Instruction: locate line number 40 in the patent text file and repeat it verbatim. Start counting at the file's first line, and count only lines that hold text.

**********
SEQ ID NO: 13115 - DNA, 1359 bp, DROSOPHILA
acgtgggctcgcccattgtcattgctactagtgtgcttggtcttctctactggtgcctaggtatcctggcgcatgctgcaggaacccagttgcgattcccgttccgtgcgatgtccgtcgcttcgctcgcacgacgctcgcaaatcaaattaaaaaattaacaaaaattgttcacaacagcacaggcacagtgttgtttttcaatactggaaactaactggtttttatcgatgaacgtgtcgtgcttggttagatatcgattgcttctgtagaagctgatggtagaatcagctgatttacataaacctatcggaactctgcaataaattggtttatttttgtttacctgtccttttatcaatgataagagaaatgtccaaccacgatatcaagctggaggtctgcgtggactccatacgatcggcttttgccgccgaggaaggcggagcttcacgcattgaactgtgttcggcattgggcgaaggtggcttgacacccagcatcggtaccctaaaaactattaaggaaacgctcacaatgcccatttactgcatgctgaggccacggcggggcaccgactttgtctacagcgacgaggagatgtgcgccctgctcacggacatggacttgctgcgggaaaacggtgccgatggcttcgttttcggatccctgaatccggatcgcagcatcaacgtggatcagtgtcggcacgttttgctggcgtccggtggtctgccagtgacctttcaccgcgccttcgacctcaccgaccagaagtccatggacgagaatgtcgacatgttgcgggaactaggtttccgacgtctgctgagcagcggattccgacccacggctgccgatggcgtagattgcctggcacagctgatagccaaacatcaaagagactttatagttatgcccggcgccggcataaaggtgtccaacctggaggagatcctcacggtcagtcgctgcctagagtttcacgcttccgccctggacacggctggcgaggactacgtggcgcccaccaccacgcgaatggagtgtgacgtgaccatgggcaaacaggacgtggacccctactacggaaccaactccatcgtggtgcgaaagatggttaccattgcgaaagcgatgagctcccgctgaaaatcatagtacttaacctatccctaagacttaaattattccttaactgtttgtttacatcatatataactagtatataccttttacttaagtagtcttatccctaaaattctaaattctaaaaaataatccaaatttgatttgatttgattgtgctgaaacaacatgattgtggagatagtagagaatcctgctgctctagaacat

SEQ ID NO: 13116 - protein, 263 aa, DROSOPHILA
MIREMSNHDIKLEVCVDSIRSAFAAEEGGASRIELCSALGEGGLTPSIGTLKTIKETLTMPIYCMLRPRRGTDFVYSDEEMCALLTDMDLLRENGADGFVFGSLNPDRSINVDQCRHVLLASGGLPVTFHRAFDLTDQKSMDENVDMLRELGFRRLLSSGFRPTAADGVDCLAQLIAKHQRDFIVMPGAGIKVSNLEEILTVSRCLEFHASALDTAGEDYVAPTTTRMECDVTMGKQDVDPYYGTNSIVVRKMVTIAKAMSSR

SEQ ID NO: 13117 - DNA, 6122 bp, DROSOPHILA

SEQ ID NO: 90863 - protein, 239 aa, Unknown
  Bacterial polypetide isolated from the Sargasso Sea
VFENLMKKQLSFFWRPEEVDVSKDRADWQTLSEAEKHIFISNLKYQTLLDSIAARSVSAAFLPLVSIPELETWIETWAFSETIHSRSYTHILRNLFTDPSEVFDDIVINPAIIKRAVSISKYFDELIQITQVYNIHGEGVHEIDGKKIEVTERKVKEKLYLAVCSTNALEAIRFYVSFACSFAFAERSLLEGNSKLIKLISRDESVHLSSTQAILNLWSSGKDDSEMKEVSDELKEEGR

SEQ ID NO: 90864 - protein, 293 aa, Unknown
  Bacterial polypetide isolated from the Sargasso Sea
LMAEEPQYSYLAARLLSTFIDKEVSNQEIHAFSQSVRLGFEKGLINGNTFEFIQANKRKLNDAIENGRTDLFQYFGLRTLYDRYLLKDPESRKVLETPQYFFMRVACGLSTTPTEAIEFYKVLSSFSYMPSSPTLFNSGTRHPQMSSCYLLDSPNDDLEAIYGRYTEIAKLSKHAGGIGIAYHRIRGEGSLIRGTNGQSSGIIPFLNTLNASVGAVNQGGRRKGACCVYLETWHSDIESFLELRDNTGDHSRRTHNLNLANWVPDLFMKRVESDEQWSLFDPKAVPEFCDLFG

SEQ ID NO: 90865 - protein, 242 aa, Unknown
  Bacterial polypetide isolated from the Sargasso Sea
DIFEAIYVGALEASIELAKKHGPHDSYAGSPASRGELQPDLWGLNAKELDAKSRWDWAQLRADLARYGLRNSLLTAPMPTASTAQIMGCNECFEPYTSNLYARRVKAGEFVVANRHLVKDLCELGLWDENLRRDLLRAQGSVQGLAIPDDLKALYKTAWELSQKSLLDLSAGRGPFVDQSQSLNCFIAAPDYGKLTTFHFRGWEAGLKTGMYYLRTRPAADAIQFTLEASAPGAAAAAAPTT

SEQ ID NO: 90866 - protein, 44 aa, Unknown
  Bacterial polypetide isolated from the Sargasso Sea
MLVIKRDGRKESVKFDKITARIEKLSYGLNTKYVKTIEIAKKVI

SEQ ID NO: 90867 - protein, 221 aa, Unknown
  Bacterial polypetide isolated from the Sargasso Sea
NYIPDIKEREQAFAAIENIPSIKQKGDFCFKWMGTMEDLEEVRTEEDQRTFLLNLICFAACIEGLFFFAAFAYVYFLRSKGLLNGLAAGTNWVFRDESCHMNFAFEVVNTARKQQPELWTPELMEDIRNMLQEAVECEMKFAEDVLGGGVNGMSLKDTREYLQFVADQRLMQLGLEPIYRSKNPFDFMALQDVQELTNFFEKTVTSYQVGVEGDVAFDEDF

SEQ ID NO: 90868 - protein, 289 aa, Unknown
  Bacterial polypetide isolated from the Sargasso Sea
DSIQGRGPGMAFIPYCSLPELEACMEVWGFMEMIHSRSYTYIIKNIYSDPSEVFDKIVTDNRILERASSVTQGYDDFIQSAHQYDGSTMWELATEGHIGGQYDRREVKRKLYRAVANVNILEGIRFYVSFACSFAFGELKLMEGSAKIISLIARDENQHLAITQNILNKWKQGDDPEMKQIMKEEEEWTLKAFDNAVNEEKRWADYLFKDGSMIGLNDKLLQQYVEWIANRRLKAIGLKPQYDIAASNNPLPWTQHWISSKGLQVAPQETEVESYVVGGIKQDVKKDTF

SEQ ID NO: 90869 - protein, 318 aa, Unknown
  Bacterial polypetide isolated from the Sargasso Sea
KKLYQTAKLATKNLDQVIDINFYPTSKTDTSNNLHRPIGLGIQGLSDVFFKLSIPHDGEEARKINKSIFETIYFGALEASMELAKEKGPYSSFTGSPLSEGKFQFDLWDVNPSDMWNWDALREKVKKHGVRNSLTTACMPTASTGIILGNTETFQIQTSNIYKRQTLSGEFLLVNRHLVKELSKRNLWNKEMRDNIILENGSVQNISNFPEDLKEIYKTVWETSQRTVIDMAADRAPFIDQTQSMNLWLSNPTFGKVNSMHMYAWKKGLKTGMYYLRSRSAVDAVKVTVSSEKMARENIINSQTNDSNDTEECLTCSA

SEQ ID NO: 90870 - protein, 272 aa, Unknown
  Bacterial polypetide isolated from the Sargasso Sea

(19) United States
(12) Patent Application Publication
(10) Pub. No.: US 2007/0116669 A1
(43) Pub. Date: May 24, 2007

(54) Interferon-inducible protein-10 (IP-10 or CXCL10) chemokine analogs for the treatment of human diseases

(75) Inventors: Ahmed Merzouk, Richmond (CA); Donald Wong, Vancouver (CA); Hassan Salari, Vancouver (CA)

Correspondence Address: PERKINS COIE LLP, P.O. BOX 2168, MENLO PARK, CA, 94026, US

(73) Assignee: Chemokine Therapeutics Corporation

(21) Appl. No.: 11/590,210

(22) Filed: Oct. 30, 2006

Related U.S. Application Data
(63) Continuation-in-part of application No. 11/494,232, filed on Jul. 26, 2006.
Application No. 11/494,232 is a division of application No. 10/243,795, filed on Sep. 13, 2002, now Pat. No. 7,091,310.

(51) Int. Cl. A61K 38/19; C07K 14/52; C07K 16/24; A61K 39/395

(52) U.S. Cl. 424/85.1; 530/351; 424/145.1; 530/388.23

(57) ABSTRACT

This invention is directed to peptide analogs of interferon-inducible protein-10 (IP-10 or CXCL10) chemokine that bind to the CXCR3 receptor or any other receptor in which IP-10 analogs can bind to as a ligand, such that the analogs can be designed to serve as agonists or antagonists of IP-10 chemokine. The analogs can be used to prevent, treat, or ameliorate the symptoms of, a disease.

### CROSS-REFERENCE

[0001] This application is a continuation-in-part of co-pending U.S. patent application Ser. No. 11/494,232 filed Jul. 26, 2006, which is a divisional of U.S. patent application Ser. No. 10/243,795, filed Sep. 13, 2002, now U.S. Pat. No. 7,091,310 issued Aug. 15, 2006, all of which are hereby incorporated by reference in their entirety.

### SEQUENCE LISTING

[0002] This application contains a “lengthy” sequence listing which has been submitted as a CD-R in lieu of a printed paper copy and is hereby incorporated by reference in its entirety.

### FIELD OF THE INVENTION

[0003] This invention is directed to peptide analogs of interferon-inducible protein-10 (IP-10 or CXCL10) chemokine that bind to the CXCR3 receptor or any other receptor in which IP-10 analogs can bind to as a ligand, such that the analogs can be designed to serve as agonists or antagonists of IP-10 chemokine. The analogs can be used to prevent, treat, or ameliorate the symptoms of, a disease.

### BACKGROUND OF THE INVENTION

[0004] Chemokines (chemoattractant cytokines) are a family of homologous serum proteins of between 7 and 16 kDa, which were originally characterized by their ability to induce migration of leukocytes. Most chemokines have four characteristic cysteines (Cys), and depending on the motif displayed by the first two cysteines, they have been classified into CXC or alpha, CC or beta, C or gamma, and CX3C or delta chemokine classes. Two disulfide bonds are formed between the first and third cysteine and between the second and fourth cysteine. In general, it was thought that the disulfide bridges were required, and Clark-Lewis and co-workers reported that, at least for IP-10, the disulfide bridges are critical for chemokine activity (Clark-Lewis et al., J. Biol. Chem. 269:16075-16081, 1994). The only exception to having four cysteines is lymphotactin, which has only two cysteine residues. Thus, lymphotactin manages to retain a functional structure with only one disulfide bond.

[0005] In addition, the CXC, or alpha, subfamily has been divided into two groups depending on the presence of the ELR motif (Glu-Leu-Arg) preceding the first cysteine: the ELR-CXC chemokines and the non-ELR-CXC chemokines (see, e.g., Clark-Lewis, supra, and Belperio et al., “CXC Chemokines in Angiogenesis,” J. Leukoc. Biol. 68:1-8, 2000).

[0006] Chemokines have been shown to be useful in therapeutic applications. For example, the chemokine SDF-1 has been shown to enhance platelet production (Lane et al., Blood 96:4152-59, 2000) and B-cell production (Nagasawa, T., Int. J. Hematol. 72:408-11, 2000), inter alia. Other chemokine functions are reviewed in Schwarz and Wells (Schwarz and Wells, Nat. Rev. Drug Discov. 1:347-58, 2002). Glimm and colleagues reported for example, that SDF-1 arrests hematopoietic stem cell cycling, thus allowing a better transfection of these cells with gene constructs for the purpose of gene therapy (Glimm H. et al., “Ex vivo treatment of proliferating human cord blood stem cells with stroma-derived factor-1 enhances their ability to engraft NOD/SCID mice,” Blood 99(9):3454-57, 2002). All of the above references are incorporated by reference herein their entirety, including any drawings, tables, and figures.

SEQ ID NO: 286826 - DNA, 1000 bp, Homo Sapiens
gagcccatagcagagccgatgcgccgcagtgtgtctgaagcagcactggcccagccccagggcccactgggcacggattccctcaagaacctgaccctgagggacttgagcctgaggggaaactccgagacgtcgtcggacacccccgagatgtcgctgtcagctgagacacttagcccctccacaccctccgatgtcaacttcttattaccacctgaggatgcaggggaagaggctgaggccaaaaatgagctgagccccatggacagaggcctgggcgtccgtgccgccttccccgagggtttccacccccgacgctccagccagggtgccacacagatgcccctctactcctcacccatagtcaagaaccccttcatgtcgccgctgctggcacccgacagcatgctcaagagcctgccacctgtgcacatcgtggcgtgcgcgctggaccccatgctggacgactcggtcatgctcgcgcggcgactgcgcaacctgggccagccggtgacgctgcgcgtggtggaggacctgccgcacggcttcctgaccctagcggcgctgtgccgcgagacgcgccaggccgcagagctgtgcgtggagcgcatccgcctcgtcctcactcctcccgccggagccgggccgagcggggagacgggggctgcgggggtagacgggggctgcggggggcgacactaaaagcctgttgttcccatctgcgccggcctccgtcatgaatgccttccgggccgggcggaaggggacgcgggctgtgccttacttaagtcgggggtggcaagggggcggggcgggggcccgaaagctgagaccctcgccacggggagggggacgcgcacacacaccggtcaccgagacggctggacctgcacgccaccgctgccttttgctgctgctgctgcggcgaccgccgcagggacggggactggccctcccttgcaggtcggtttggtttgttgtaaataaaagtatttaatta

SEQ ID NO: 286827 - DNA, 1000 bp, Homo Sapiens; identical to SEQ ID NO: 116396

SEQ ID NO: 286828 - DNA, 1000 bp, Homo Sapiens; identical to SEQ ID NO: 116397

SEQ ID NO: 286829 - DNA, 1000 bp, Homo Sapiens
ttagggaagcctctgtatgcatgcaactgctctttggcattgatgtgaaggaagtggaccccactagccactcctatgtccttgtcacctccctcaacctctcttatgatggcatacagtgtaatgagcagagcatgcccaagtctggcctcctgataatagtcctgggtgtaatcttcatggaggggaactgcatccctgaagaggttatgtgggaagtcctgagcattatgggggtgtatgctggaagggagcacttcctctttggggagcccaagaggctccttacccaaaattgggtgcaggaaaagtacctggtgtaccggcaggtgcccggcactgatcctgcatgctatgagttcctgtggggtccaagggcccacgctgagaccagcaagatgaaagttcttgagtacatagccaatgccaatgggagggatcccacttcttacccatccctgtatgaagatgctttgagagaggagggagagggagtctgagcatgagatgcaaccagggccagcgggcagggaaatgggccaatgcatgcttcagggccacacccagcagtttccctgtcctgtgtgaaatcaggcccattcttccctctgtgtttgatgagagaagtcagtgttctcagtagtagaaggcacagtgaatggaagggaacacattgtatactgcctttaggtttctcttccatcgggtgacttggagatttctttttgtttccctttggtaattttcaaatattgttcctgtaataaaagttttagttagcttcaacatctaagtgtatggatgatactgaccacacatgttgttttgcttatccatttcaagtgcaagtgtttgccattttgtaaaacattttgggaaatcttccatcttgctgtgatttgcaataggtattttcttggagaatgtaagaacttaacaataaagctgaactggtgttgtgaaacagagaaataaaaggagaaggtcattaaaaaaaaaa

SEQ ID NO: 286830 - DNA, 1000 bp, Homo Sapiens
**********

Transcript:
(63) Continuation-in-part of application No. 11/494,232, filed on Jul. 26, 2006.